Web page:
Who doesn’t love a good story? We read, watch, tell, sometimes even write them down. Our tale-telling spans from the personal experience to the farthest fetched imaginings. I have yet to find someone who has no interest in stories of any kind. But for some reason, it was not until recently that I came to appreciate the need we all have to share our stories.
It was a sunny Tuesday morning in late September, I was 41 weeks pregnant and noticed clear liquid dripping from my body….my water had broken. There was something else though. A dark stain let me know that meconium was in my water, a sign that my baby might not be okay. I texted my husband, who was in a meeting (with his remote job) just downstairs, that I thought my water had broken. He was ecstatic. I was in shock.
My preparation and hopes for a fully natural, peaceful, hypno-waterbirth did NOT come to fruition. As most women will tell you, labor is no picnic…hahaha….. to say the least. Due to the signs of fetal distress, I was constantly monitored, induced with medication, and unable to move nearly as freely as I had hoped. All that being said, after feeling like a ravenous beast was devouring my internal organs for 9 hours, the midwife checked and found I was only 2-3 centimeters dilated (i.e. this state could have potentially continued for days). Immediately and shamelessly I requested an epidural and 8 hours later had the most beautiful, peaceful birthing experience I could have imagined.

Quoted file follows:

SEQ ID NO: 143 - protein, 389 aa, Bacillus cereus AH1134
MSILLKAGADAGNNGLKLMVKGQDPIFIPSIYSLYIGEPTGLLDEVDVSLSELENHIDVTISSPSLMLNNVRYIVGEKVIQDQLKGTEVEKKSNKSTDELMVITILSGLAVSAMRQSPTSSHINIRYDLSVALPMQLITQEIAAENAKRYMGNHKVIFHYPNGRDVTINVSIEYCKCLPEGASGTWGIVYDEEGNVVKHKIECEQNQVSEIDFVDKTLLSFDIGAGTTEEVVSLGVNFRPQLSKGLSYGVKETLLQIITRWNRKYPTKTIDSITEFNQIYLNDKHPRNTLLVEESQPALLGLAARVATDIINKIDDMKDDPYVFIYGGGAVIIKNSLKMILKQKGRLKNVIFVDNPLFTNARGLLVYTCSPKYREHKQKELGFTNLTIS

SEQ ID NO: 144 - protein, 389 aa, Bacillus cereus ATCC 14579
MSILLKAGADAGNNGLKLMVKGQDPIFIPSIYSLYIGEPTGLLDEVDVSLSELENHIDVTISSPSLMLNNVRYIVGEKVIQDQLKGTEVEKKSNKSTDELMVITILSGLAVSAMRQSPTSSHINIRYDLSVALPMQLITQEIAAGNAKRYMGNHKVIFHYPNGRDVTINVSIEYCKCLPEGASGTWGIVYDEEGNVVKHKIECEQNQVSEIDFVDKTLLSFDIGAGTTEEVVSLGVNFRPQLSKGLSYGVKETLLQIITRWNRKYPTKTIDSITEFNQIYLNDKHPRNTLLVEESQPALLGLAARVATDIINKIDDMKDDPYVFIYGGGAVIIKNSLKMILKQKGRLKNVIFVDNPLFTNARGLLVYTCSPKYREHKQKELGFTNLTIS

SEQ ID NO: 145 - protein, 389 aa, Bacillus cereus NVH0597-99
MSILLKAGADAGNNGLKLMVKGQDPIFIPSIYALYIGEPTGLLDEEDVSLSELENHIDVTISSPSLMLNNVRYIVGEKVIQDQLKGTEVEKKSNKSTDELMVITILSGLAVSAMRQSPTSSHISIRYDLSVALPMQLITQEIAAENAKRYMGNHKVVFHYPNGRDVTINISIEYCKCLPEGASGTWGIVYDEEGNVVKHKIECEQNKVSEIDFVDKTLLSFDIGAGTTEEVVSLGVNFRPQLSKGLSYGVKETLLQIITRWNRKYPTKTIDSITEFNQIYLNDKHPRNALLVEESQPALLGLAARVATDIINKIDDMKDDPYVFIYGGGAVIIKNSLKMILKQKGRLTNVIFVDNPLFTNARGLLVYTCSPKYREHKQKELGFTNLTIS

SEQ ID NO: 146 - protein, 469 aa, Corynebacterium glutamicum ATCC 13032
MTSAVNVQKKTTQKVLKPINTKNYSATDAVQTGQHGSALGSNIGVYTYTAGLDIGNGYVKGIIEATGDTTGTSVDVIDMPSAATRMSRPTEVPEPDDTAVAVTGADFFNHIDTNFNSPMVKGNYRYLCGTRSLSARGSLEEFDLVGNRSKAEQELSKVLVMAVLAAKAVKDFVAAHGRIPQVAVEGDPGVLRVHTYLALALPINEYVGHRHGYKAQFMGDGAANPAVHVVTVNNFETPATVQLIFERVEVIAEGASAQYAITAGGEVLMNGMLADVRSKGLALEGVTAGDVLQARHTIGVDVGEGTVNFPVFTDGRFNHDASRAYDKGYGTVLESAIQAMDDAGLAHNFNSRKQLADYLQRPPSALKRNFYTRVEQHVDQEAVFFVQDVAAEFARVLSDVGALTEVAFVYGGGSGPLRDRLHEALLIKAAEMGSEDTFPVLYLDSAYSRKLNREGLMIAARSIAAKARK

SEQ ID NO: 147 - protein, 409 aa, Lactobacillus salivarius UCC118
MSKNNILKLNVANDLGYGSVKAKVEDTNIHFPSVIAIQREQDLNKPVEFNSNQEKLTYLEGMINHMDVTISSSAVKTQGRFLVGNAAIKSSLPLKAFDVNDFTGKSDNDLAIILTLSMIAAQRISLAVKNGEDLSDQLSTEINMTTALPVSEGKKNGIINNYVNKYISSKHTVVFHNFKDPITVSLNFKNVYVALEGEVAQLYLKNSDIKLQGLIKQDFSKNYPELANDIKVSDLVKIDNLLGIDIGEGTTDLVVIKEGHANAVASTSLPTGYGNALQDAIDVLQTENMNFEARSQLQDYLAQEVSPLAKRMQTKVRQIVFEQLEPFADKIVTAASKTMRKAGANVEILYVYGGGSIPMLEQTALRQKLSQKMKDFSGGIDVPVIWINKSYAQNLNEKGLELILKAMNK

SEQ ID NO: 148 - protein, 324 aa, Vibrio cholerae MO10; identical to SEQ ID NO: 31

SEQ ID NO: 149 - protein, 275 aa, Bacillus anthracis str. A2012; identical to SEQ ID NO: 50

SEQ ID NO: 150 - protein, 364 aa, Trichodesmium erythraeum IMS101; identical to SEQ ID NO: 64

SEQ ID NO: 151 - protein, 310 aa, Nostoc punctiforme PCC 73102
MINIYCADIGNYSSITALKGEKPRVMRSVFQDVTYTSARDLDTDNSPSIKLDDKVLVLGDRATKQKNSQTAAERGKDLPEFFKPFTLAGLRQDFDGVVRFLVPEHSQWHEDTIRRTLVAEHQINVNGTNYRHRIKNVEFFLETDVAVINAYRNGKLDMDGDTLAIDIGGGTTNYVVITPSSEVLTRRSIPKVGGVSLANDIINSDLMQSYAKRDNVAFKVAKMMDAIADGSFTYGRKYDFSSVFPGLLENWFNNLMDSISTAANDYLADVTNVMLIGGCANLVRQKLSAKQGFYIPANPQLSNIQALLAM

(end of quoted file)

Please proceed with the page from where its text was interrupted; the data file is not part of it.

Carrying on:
For a couple of weeks after my daughter’s birth, I felt an overwhelming sense that I needed to share the experience in great detail with people. It mattered. Not to everyone I talked with, but it mattered to me and with each telling, I seemed able to process my experience a little more fully and feel more settled and comfortably distant from it.
About six weeks after becoming a mother, I finally got to visit a friend who had given birth just a day after I had, and in the same hospital no less! I had been so eager to hear her birth story, and originally really wanting to share mine as well. By the time we finally got together, the details of my own experience seemed far less significant. My friend, however, was still in a place in which she grew lively recalling her own birthing time.
It was in this moment that I fully realized how important it is that we give people the space to share their stories, and truly listen with care and curiosity.
I was reminded of experiences with my beloved Grandma Laurie and “Bumpa”, my step-grandfather. They were both storytellers: my grandma loved to share family history. She was an avid genealogist who travelled the world to meet distant relatives she discovered. I’m talking across oceans to meet 3rd cousins twice removed. The woman was one of a kind! Bumpa, on the other hand, shared stories of his dust bowl era upbringing on a farm in Kansas. Their stories were so different, but the common factor was their love to recount these tales.
Whether you are a lover of sci-fi films, news junkie, or any other type of story-telling, I hope the next time you have a story on your mind, you will share it. And when you sit by a stranger on a bus or come home to your family after an exhausting day, I wonder if you will make space to truly listen to those who are ready to share.
We all have a story to tell.